MINI BROADSPEED – A RARE AND FAST MODEL.
Perhaps one of the best-known MINI derivatives is the Mini Broadspeed – an all-out racing model that garnered incredible results in races across the world in the early 1960s.
The Broadspeed bears the name of Ralph Broad, a racing driver who in 1959 raced a BMC Mini, to much success, in the UK.
He designed the Broadspeed which was an aerodynamic version of the basic Mini - often referred to as a “brick”. The new aerodynamics gave the car a much higher top speed, and a number of the cars were sold in the UK to Mini enthusiasts.
Already successfully racing Mini Coopers in Australia, Laurie Stewart imported a Broadspeed Mini from the UK and was given the rights to build and sell them in Australia – a cheaper option than importing the complete car.
The speed came at a price though – almost double that of a standard Mini Cooper.
The roof and tail of the Mini Cooper S were cut off and replaced with fibreglass, which also took around 150kg off the weight of the car.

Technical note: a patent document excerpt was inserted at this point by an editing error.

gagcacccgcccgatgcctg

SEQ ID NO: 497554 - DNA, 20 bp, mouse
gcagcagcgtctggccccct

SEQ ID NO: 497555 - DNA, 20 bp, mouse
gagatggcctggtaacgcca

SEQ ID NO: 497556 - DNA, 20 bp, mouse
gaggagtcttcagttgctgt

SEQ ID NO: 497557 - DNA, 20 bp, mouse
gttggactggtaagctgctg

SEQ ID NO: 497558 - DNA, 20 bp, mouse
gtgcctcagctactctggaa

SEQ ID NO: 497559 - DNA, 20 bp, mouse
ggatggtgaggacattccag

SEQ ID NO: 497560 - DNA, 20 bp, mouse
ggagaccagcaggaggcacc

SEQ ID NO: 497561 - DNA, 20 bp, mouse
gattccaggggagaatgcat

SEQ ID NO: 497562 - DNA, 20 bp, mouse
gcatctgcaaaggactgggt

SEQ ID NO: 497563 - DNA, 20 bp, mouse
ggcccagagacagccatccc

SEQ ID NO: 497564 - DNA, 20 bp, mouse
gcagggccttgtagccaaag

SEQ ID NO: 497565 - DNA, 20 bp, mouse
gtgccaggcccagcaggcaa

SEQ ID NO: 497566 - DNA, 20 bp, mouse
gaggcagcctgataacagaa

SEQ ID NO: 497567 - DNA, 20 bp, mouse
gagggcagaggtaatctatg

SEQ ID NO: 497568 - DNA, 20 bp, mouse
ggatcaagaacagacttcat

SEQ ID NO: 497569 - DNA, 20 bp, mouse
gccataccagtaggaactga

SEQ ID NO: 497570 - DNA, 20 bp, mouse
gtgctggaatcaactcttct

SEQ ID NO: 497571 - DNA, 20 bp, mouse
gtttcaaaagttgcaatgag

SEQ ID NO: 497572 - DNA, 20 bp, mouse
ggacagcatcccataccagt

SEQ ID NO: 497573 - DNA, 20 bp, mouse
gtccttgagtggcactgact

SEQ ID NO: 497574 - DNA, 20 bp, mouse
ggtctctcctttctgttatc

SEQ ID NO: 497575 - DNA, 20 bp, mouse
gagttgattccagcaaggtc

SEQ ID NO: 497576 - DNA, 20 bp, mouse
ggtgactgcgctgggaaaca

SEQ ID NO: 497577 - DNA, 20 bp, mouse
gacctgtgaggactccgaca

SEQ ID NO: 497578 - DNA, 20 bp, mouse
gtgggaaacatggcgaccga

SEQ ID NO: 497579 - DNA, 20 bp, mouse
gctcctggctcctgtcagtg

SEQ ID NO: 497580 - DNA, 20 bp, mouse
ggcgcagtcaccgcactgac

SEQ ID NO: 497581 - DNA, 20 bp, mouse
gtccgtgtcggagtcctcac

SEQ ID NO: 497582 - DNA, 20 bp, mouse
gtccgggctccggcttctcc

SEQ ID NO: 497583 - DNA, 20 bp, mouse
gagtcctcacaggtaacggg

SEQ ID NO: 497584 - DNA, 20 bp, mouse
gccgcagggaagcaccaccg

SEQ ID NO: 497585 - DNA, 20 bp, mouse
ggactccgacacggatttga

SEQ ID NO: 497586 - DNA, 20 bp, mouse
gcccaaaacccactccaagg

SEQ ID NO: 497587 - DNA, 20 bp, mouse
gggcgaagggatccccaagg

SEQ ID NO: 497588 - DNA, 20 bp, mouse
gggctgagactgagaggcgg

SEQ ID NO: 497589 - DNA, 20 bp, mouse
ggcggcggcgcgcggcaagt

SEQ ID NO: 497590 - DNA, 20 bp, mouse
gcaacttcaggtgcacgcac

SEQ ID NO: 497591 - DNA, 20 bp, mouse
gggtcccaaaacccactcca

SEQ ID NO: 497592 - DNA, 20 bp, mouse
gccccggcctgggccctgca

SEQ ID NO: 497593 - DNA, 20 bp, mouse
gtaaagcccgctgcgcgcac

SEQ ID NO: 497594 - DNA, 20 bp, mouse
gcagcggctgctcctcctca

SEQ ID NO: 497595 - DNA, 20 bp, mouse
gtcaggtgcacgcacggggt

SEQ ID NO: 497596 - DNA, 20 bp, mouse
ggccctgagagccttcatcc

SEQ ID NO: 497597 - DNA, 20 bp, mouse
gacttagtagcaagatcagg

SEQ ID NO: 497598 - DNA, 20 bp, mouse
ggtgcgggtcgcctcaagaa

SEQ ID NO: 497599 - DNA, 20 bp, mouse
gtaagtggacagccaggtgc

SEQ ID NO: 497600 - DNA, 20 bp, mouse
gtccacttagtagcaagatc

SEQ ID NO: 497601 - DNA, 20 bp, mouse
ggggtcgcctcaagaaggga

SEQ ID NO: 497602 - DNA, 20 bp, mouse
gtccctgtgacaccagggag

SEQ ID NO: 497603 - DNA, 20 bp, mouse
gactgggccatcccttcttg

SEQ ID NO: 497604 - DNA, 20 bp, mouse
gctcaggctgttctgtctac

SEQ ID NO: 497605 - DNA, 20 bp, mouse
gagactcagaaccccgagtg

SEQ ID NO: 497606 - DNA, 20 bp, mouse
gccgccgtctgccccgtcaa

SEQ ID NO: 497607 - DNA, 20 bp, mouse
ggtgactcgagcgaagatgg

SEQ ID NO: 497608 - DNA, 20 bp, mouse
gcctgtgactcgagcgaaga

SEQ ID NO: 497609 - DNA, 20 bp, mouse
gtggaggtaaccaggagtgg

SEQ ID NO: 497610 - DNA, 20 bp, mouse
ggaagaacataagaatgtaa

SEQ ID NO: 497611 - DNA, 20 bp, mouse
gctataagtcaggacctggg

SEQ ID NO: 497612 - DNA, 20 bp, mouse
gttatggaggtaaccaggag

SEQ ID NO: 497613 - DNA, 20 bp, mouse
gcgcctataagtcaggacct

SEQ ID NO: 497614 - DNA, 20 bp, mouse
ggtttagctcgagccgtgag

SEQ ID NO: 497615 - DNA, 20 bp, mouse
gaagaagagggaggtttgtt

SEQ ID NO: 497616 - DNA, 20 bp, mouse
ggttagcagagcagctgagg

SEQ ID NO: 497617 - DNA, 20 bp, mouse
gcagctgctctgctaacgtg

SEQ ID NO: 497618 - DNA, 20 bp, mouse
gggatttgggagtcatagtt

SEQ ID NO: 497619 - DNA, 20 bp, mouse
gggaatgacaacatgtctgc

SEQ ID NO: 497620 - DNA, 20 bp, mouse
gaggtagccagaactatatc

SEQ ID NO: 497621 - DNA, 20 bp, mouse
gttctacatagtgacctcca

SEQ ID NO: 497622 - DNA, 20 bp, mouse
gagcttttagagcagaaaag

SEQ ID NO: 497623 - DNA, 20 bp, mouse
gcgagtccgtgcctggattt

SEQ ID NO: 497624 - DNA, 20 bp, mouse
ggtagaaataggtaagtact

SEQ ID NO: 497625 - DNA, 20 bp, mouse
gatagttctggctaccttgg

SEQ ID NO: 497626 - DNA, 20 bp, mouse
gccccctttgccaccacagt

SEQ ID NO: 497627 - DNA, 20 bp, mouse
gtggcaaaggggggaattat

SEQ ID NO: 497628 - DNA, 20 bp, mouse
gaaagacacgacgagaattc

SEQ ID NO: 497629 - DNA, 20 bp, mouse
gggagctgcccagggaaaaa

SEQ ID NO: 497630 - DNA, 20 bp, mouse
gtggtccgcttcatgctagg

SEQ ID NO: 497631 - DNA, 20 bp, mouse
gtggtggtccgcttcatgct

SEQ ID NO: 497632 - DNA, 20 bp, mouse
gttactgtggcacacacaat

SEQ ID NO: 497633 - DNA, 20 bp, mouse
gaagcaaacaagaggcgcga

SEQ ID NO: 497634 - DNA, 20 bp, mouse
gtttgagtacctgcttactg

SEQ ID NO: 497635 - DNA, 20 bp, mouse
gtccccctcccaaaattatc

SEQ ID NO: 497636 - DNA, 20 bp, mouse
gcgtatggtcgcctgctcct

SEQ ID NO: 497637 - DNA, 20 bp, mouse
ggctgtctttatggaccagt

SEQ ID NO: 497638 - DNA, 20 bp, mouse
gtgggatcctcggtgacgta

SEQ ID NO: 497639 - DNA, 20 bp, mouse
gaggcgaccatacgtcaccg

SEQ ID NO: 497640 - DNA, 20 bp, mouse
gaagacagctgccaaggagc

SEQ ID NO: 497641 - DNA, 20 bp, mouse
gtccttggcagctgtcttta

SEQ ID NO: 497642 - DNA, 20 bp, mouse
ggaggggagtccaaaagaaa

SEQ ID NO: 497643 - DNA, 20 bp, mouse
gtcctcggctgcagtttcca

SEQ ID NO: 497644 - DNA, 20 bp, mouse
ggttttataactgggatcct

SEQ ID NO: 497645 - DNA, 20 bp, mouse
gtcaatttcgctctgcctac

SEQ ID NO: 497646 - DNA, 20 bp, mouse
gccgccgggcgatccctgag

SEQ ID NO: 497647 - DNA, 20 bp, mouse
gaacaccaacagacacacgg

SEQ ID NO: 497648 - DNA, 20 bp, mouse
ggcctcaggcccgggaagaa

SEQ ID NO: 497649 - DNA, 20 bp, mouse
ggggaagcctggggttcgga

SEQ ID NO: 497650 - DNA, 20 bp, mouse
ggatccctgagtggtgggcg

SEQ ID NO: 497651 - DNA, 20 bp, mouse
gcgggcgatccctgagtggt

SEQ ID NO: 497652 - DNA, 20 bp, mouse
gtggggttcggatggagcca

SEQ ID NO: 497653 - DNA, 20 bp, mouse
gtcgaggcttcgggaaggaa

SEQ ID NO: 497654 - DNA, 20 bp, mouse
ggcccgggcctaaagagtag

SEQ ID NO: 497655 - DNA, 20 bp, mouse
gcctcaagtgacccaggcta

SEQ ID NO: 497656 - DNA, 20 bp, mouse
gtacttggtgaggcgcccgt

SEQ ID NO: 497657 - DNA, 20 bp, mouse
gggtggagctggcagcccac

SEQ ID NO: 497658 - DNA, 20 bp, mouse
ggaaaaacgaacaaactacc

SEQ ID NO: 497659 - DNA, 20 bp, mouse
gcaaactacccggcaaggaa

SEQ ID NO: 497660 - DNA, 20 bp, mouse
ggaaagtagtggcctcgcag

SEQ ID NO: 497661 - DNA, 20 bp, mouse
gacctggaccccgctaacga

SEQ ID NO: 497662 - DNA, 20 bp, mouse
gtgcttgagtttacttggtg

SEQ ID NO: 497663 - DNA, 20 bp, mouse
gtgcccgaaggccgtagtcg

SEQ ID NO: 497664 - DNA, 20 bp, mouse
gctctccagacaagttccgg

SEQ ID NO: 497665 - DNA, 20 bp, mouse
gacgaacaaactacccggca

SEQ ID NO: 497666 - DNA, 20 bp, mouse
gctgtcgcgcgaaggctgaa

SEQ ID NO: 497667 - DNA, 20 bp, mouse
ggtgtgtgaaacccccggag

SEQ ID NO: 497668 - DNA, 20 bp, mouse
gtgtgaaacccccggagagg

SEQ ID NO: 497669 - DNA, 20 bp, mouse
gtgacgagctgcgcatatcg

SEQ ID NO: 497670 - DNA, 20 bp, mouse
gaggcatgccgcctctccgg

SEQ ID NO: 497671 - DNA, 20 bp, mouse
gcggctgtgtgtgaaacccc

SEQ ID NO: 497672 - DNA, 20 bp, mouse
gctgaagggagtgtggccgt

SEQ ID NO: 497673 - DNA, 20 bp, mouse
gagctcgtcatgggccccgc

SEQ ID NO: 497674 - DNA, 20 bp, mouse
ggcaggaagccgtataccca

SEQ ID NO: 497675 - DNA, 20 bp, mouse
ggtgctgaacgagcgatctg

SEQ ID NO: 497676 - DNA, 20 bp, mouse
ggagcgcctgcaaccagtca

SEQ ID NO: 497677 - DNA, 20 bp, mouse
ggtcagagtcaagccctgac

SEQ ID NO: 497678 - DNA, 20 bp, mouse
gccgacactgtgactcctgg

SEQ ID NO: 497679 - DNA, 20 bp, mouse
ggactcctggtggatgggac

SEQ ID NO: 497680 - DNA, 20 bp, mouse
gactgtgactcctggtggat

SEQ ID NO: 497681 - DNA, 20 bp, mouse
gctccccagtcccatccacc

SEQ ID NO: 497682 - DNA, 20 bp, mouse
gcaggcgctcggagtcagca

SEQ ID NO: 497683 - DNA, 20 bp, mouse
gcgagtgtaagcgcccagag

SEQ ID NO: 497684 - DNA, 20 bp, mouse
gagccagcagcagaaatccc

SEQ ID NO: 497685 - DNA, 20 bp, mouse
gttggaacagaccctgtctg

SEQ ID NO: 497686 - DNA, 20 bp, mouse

“With a 1310 cc engine and five-speed gear box, that little car won every sports racing event it was in,” Laurie recalls.
“They were so nimble, and it so easy to throw them around corners – and throw them around we did.”
Five Mini Broadspeeds were built in Australia, and Laurie raced a lightweight version which was unbeaten in its class during the mid 1960s. One of those was at the 1967 Bathurst Easter meeting, where he finished second outright to Kevin Bartlett’s Works Alfa Romeo GTA - after leading the race for five laps.
It was at that meeting that it also set a world speed record for a Mini, clocking 127.8 mph (204km/h).
That car has been restored a couple of times, and as Laurie recalls, it still hasn’t lost its charm.
“Minis really were the young person’s car,” he says.
“In their day, they were the king of all cars and every young man wanted to own one.”
These days, there are only two known owners of Australian-made Broadspeeds.
One of those owners is Barry Dare, who managed to buy the other one.
“The old Mini was like a house brick,” he says.
“The Broadspeed is designed to go through the air – and it does actually work.
“They were so much faster, when they were first released there were a couple of magazines that did a road test and they had quite a reputation.”
The reputation of the Broadspeed has endured, and after gaining a cult status among the racing community, is now revered among enthusiast as being one of the quirkiest derivatives built.